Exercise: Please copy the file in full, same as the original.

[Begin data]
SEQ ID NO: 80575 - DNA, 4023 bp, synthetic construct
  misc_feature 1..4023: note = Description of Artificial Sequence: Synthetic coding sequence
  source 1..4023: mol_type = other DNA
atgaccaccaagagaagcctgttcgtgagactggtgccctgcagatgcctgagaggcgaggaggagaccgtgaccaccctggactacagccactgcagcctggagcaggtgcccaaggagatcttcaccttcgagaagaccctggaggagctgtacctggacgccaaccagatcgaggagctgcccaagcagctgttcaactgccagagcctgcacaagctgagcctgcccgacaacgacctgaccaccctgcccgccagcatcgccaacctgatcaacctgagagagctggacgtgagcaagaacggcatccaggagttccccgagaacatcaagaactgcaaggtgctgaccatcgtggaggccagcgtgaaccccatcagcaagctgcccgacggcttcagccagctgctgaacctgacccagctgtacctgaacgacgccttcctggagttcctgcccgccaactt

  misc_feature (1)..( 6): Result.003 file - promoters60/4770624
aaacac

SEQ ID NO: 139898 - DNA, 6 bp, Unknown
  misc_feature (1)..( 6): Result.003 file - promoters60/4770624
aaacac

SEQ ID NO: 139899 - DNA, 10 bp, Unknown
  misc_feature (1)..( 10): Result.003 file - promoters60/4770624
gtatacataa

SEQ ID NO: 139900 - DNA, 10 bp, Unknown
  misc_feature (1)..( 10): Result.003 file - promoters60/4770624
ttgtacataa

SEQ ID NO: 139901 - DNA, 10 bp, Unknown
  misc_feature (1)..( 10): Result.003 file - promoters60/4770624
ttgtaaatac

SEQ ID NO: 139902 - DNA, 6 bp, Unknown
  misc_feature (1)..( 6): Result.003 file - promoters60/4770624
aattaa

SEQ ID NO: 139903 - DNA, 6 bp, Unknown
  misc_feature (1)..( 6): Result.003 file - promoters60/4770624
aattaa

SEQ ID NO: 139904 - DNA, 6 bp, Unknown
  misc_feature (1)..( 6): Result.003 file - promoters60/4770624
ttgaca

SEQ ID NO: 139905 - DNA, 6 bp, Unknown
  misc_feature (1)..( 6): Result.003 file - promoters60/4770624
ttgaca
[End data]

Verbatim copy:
SEQ ID NO: 80575 - DNA, 4023 bp, synthetic construct
  misc_feature 1..4023: note = Description of Artificial Sequence: Synthetic coding sequence
  source 1..4023: mol_type = other DNA
atgaccaccaagagaagcctgttcgtgagactggtgccctgcagatgcctgagaggcgaggaggagaccgtgaccaccctggactacagccactgcagcctggagcaggtgcccaaggagatcttcaccttcgagaagaccctggaggagctgtacctggacgccaaccagatcgaggagctgcccaagcagctgttcaactgccagagcctgcacaagctgagcctgcccgacaacgacctgaccaccctgcccgccagcatcgccaacctgatcaacctgagagagctggacgtgagcaagaacggcatccaggagttccccgagaacatcaagaactgcaaggtgctgaccatcgtggaggccagcgtgaaccccatcagcaagctgcccgacggcttcagccagctgctgaacctgacccagctgtacctgaacgacgccttcctggagttcctgcccgccaactt

  misc_feature (1)..( 6): Result.003 file - promoters60/4770624
aaacac

SEQ ID NO: 139898 - DNA, 6 bp, Unknown
  misc_feature (1)..( 6): Result.003 file - promoters60/4770624
aaacac

SEQ ID NO: 139899 - DNA, 10 bp, Unknown
  misc_feature (1)..( 10): Result.003 file - promoters60/4770624
gtatacataa

SEQ ID NO: 139900 - DNA, 10 bp, Unknown
  misc_feature (1)..( 10): Result.003 file - promoters60/4770624
ttgtacataa

SEQ ID NO: 139901 - DNA, 10 bp, Unknown
  misc_feature (1)..( 10): Result.003 file - promoters60/4770624
ttgtaaatac

SEQ ID NO: 139902 - DNA, 6 bp, Unknown
  misc_feature (1)..( 6): Result.003 file - promoters60/4770624
aattaa

SEQ ID NO: 139903 - DNA, 6 bp, Unknown
  misc_feature (1)..( 6): Result.003 file - promoters60/4770624
aattaa

SEQ ID NO: 139904 - DNA, 6 bp, Unknown
  misc_feature (1)..( 6): Result.003 file - promoters60/4770624
ttgaca

SEQ ID NO: 139905 - DNA, 6 bp, Unknown
  misc_feature (1)..( 6): Result.003 file - promoters60/4770624
ttgaca